Posted: Wed 5th Apr 2023

Senedd Reform could see increase in ministers and a requirement for candidates to live in Wales

News and Info from Deeside, Flintshire, North Wales
This article is old - Published: Wednesday, Apr 5th, 2023

The number of government ministers could be increased as part of new proposals to reform the Welsh Parliament. ‌​‌‌‌​‌‌‍‌​‌‌‌​‌​‍‌​‌‌‌​‌​

The change is one of several being discussed as part of the Co-operation Agreement between Welsh Labour and Plaid Cymru ‌​‌‌‌​‌‌‍‌​‌‌‌​‌​‍‌​‌‌‌​‌​

They want Senedd reform to be implemented in time for the next election in 2026, even if some of the changes are introduced on an interim basis. ‌​‌​‌​​​‍‌​‌​​‌‌‌‍‌​‌‌​​‌​‍‌​‌‌‌​‌‌‍‌​‌‌‌‌​ ‌​‌‌‌​‌‌‍‌​‌‌‌​‌​‍‌​‌‌‌​‌​

This includes an increase in members by 36 to 96 elected through a proportional representation process and statutory gender quotas. ‌
First Minister Mark Drakeford has now confirmed several “broad policy themes” that have been taken forward, including mandatory zipping for party candidate lists. ‌​‌‌‌​‌‌‍‌​‌‌‌​‌​‍‌​‌‌‌​‌​

This would require political parties to alternate between men and women on their candidate lists in a bid to introduce a gender quota. ‌​‌‌‌​‌‌‍‌​‌‌‌​‌​‍‌​‌‌‌​‌​

The number of Welsh ministers could also increase from 12 to 17, with powers to further increase the roles to 18 or 19 with approval of the Senedd. ‌​‌‌‌​‌‌‍‌​‌‌‌​‌​‍‌​‌‌‌​‌​

Other policy themes under discussion include: ‌​‌‌‌​‌‌‍‌​‌‌‌​‌​‍‌​‌‌‌​‌​

  • Repurposing and renaming the Local Democracy and Boundary Commission for Wales, providing the new Democracy and Boundary Commission Cymru with the functions necessary to undertake ongoing reviews of Senedd constituency boundaries.
  • The instructions the Democracy and Boundary Commission Cymru will follow to undertake their boundary reviews, both in respect of the streamlined review to pair constituencies in advance of the 2026 Senedd election, a full review in advance of the subsequent election, and ongoing periodic reviews.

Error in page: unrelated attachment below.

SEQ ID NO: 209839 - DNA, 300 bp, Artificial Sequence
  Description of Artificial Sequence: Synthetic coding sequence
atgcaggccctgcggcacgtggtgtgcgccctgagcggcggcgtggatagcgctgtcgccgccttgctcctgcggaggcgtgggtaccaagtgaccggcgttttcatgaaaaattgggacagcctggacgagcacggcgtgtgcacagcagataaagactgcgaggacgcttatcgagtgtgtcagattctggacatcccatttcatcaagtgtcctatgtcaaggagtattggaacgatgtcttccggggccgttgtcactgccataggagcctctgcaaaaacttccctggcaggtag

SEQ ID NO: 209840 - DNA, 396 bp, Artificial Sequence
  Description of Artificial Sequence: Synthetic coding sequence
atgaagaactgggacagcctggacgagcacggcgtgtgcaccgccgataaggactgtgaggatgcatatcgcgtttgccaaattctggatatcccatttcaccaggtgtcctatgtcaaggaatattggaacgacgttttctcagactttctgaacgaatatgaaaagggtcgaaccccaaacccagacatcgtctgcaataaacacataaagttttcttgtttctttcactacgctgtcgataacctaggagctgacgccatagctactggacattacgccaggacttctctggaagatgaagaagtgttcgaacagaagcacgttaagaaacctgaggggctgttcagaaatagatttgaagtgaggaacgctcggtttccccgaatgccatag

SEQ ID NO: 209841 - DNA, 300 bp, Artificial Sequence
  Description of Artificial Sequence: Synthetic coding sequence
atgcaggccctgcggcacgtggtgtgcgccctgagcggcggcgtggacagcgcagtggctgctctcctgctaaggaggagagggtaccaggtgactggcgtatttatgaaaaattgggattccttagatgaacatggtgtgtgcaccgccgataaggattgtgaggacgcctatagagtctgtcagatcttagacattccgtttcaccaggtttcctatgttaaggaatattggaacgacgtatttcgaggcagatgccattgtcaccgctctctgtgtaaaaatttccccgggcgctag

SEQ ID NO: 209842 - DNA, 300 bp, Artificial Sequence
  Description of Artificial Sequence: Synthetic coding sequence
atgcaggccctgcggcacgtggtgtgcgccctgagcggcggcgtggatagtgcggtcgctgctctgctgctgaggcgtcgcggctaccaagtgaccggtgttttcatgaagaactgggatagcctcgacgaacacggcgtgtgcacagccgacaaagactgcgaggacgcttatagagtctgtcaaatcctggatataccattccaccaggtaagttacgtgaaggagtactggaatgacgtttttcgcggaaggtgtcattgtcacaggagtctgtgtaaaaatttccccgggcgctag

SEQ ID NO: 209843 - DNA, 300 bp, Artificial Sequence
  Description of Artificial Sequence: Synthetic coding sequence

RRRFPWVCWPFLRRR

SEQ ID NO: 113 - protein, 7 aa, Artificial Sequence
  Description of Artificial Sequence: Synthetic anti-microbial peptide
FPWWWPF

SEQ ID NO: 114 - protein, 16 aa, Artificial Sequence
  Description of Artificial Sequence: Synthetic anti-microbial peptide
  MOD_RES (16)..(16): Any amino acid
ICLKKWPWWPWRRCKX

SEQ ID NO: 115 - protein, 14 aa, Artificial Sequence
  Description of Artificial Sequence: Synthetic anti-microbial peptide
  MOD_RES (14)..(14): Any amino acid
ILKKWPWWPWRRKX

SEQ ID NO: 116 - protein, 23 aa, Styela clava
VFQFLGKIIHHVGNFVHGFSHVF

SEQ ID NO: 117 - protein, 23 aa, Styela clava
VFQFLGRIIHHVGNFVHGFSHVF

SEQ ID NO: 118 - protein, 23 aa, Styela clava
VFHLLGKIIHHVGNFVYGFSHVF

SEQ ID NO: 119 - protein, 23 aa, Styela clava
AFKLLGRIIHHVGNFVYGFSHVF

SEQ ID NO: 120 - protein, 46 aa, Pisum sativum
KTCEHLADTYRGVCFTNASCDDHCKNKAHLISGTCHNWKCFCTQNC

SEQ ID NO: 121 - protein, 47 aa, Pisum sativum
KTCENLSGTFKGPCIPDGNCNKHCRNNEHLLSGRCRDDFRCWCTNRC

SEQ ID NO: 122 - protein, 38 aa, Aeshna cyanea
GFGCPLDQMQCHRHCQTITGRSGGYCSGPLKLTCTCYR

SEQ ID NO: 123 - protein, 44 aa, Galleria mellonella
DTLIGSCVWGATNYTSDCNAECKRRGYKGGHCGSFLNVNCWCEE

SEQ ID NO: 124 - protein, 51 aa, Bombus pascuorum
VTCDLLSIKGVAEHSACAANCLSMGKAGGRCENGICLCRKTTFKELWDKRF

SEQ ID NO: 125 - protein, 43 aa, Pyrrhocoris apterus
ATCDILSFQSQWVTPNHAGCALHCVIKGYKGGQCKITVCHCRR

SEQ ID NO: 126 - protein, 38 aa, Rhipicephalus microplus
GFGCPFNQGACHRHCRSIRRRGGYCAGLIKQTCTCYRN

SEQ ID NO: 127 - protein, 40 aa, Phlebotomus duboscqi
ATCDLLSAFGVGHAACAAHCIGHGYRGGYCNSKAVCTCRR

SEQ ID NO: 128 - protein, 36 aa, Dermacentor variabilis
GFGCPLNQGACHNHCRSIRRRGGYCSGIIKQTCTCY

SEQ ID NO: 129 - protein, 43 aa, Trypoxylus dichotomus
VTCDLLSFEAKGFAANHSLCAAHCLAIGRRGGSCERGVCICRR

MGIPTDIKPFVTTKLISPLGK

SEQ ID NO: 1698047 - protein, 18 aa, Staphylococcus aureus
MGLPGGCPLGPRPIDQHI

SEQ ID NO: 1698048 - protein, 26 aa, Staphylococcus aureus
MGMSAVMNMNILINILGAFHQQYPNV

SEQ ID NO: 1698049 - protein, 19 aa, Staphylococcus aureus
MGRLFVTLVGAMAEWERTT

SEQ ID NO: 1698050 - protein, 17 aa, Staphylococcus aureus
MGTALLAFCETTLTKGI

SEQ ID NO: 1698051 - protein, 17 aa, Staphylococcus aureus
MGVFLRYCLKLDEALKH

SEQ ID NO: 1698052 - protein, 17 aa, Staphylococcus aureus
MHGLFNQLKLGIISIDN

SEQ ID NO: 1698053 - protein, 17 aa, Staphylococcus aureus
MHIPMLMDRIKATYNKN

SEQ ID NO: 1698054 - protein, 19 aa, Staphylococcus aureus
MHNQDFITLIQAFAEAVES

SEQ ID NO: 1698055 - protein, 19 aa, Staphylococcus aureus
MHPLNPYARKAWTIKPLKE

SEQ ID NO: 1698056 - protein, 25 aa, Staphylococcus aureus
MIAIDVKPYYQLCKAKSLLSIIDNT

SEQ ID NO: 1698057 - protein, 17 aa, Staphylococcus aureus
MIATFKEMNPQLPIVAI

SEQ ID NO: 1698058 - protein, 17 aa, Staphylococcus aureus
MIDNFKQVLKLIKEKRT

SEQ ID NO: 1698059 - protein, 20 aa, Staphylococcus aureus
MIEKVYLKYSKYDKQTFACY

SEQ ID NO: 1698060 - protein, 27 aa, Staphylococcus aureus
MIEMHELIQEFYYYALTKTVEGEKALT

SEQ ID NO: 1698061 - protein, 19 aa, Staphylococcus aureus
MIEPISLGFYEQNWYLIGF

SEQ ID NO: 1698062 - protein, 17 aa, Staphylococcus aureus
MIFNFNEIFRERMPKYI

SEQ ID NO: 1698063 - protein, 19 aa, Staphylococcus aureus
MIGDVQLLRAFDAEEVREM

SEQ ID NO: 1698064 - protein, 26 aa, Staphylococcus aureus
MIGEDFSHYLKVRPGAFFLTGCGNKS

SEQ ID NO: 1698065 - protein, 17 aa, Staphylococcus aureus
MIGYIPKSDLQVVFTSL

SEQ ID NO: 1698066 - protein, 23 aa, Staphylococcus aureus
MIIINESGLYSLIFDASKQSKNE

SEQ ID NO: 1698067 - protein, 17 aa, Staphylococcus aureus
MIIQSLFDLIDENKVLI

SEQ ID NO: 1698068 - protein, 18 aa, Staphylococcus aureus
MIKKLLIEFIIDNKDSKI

• Increasing from 1 to 2 the maximum number of Deputy Presiding Officers who may be elected.

In a written statement First Minister Mark Drakeford said: “We continue to make good progress on the development of the policy detail needed to translate the SPC recommendations into legislative provisions as part of the Co-operation Agreement with Plaid Cymru. ‌​‌‌‌​‌‌‍‌​‌‌‌​‌​‍‌​‌‌‌​‌​

“In doing so we are reflecting the conclusions reached by the Business Committee in its report published in December. ‌​‌‌‌​‌‌‍‌​‌‌‌​‌​‍‌​‌‌‌​‌​

“We continue to work closely with delivery partners in a number of fora to consider the implementation arrangements for these reforms and develop the necessary information for the supporting documentation to accompany the legislation. ‌​‌‌‌​‌‌‍‌​‌‌‌​‌​‍‌​‌‌‌​‌​

“We are also progressing this work in conjunction with the reforms being taken forward following the consultation on the Electoral Administration and Reform White Paper. ‌​‌‌‌​‌‌‍‌​‌‌‌​‌​‍‌​‌‌‌​‌​

“I will provide the Senedd with a further update at the summer recess.” ‌​‌‌‌​‌‌‍‌​‌‌‌​‌​‍‌​‌‌‌​‌​

Welsh Labour and Plaid Cymru are also exploring whether to include a requirement for candidates and Members of the Senedd to be a resident in Wales. ‌​‌‌‌​‌‌‍‌​‌‌‌​‌​‍‌​‌‌‌​‌​

This would be alongside a need for candidates to declare as part of their nomination any political party membership that they have held in the 12 months prior to an election, similar to the arrangements already in place for local government elections. ‌​‌‌‌​‌‌‍‌​‌‌‌​‌​‍‌​‌‌‌​‌​

However Senedd reform plans have been controversial amongst some politicians, with the the Welsh Conservatives describing the proposals as “completely unnecessary.” ‌​‌‌‌​‌‌‍‌​‌‌‌​‌​‍‌​‌‌‌​‌​

Welsh Conservative Leader Andrew RT Davies said: “Looking at the First Minister’s in-tray; a Welsh NHS in crisis, an education system in disrepair and a languishing economy with falling job numbers, the last thing that should be on his mind is pressing ahead with his plan to send more politicians to Cardiff Bay. ‌​‌‌‌​‌‌‍‌​‌‌‌​‌​‍‌​‌‌‌​‌​

“We know that this will come at a cost of around £100 million to the Welsh taxpayer and with plans to increase the number of Ministers up to a completely unnecessary 19, the price tag could be even higher. ‌​‌‌‌​‌‌‍‌​‌‌‌​‌​‍‌​‌‌‌​‌​

“Only the Welsh Conservatives are fighting to stop these proposals to create more politicians in Cardiff Bay by Labour’s Mark Drakeford.” ‌​‌‌‌​‌‌‍‌​‌‌‌​‌​‍‌​‌‌‌​‌​

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